Resistor noob

Apologies for the remedial post, but how do I tell resistor from resistor? I know that the bands represent a coding, but in which direction, or does direction matter for calculating the value?

Most resistors have a gold or silver band for the tolerance, and that's always on the right. If there's no tolerance band, then the other three will be at the left.

Edit: Google "resistor colour code" or similar, and you'll get loads of pix.

Ah, I had the decoder from imge search but the gold/silver orientation was my missing link. Thanks much!

Sometimes the tolerance band is brown, and the way to tell it apart
then is the slightly larger gap between it and the others. If the resistor is one of
the cyan coloured ones its hard to tell red from brown sometimes, and a
multimeter is useful to have at hand to double check.

Indeed, the tolerance band can be any colour, in which case yes you kinda hope there's a bigger gap on the right hand side, sometimes difficult to see on small parts. Best to hope for silver and gold though!

And yes, a meter is indispensable, so @blah44 you best get one if not already!

20% resistors, I don't think are even made any more.

For 2% and higher tolerance, you'll see 5 bands, four for resistance plus the tolerance band.

Note the gap separating the tolerance band. That gap is not always present in 5% (gold) and 10% (silver) four-band resistors.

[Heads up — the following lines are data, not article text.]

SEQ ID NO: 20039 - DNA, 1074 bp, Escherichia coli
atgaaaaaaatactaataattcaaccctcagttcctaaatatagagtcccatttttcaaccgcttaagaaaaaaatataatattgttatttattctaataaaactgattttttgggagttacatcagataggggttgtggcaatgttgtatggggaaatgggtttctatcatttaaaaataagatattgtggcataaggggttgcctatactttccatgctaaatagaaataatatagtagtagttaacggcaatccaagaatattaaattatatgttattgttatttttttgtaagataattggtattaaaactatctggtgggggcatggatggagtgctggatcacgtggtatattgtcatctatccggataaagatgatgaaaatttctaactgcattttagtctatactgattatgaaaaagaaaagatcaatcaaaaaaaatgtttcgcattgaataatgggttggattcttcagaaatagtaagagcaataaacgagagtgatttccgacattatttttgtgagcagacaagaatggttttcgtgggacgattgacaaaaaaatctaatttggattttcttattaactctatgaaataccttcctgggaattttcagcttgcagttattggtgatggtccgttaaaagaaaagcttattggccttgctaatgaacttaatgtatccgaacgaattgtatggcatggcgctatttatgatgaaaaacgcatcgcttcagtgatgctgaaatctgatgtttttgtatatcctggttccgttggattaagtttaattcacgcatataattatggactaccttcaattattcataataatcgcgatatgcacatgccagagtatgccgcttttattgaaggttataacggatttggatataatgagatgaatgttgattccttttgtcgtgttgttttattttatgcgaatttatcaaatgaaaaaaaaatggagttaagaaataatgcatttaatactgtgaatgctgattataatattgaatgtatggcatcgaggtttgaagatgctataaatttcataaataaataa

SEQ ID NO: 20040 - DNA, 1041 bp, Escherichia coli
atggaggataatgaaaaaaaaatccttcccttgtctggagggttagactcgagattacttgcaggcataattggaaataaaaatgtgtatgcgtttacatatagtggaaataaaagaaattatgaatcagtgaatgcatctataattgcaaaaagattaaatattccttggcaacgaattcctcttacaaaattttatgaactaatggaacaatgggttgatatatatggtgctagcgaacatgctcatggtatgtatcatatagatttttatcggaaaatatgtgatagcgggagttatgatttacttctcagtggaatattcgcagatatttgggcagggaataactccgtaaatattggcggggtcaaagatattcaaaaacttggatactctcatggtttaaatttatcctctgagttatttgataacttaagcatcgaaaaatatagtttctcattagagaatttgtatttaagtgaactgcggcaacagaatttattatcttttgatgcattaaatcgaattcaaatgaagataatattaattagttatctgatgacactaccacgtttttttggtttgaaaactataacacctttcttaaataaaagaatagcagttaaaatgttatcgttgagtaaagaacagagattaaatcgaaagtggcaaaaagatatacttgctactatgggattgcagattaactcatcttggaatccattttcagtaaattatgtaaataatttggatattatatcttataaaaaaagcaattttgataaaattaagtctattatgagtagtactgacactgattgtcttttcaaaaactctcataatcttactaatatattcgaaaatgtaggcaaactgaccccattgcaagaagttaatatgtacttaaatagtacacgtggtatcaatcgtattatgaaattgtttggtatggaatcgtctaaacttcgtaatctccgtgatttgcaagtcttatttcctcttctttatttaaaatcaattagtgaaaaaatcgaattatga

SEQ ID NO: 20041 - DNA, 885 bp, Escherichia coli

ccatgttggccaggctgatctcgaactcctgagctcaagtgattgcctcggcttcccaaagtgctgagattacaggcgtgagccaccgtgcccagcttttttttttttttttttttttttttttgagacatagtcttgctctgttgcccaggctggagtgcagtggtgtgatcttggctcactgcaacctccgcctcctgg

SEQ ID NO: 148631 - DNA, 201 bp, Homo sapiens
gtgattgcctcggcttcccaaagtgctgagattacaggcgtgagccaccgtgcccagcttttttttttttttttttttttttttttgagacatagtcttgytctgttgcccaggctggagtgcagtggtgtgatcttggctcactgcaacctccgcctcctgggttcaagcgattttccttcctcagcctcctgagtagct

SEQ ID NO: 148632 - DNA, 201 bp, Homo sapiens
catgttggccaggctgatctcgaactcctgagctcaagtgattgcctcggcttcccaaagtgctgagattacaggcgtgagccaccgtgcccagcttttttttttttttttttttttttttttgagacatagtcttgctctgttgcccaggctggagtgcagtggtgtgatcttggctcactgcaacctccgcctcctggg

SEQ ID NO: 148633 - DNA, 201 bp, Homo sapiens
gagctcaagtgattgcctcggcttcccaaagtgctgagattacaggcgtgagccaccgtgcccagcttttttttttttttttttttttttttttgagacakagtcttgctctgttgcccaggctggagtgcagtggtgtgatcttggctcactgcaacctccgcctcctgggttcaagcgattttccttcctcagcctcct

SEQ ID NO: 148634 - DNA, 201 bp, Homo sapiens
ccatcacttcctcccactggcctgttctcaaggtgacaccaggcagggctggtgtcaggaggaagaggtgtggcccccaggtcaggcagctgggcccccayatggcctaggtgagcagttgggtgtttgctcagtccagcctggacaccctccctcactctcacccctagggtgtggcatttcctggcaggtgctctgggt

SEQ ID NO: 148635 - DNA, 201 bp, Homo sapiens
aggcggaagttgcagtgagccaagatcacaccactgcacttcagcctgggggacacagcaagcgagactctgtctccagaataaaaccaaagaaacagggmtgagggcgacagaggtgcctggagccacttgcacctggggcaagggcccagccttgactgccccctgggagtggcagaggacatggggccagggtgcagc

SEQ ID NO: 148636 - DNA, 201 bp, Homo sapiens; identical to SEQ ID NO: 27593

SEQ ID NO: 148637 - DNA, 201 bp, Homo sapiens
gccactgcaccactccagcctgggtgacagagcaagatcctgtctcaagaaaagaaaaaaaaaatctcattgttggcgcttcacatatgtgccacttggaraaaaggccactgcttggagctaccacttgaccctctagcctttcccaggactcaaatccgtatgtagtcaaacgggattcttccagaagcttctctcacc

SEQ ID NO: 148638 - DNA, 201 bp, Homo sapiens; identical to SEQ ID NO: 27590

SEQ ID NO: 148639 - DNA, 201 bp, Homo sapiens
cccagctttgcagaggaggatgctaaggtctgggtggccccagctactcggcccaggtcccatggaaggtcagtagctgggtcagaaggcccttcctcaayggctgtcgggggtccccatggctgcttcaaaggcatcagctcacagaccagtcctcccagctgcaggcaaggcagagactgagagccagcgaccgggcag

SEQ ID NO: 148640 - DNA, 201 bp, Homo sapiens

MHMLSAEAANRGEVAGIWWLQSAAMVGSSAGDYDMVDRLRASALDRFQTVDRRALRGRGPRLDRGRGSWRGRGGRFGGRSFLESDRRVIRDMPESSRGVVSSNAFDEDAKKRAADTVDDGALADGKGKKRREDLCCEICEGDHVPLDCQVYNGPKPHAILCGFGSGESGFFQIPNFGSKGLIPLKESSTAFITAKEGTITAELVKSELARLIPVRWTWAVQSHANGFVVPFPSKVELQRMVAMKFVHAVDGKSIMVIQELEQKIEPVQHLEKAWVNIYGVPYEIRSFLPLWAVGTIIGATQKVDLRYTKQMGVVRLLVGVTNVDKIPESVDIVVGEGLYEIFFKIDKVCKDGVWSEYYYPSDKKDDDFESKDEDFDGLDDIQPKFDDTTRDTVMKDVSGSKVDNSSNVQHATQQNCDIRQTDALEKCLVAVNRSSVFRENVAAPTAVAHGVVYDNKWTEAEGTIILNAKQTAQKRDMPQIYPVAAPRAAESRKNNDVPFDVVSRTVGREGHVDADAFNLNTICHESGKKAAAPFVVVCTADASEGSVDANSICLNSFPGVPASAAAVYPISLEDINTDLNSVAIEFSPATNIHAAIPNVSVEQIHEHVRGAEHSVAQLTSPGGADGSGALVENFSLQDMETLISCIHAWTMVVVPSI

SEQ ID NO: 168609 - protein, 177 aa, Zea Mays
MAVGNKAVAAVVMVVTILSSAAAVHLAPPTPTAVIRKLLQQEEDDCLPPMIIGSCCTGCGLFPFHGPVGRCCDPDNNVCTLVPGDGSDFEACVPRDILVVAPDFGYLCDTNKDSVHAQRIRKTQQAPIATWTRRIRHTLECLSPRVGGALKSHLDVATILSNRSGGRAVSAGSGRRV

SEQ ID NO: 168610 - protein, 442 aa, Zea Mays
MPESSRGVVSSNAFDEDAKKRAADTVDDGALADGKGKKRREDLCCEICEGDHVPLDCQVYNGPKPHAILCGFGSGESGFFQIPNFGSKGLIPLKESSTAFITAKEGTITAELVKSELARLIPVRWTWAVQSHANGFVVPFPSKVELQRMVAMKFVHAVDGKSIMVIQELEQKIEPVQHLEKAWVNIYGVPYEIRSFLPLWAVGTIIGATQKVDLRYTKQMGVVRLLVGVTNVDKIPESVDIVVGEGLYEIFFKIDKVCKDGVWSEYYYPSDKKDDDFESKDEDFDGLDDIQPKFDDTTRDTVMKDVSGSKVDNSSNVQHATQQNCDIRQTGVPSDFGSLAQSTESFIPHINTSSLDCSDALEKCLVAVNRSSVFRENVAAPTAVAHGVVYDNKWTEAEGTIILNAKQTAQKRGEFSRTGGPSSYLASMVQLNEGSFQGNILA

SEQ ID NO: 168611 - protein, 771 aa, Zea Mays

I use mini resistors. Panasonic used a pale aqua color for 1% resistors that made it fairly easy to see the color differences, but the striping was so inconsistent (fading, placement, thickness) that it got hard to tell which end was which when the value started with a brown stripe. When those went end-of-production, I switched to Stackpole. They use a deeper blue that makes white, gray, and yellow tough to tell apart, likewise with red/orange/brown.

Of course, with their size (a little bigger than those glass small-signal diodes) reading the bands can be challenging anyway. They're all close together, so the "more space before the tolerance band" rule goes right out the window. But man can you pack those things onto a PCB!

Keep your inventory well organized, and always check with a meter if there's any doubt. :slight_smile:

With surface mount resistors they print the codes as text (but alas carefully arrange
that 2, 5 and often 1 are completely symmetric so you have to get the tweezer-multimeter out!

More confusingly they print the multiplier as a digit, rather than use engineering notation.

Half the capacitor manufacturers are scared of nano- and milli- prefixes, one does wonder
how component value labelling got that way.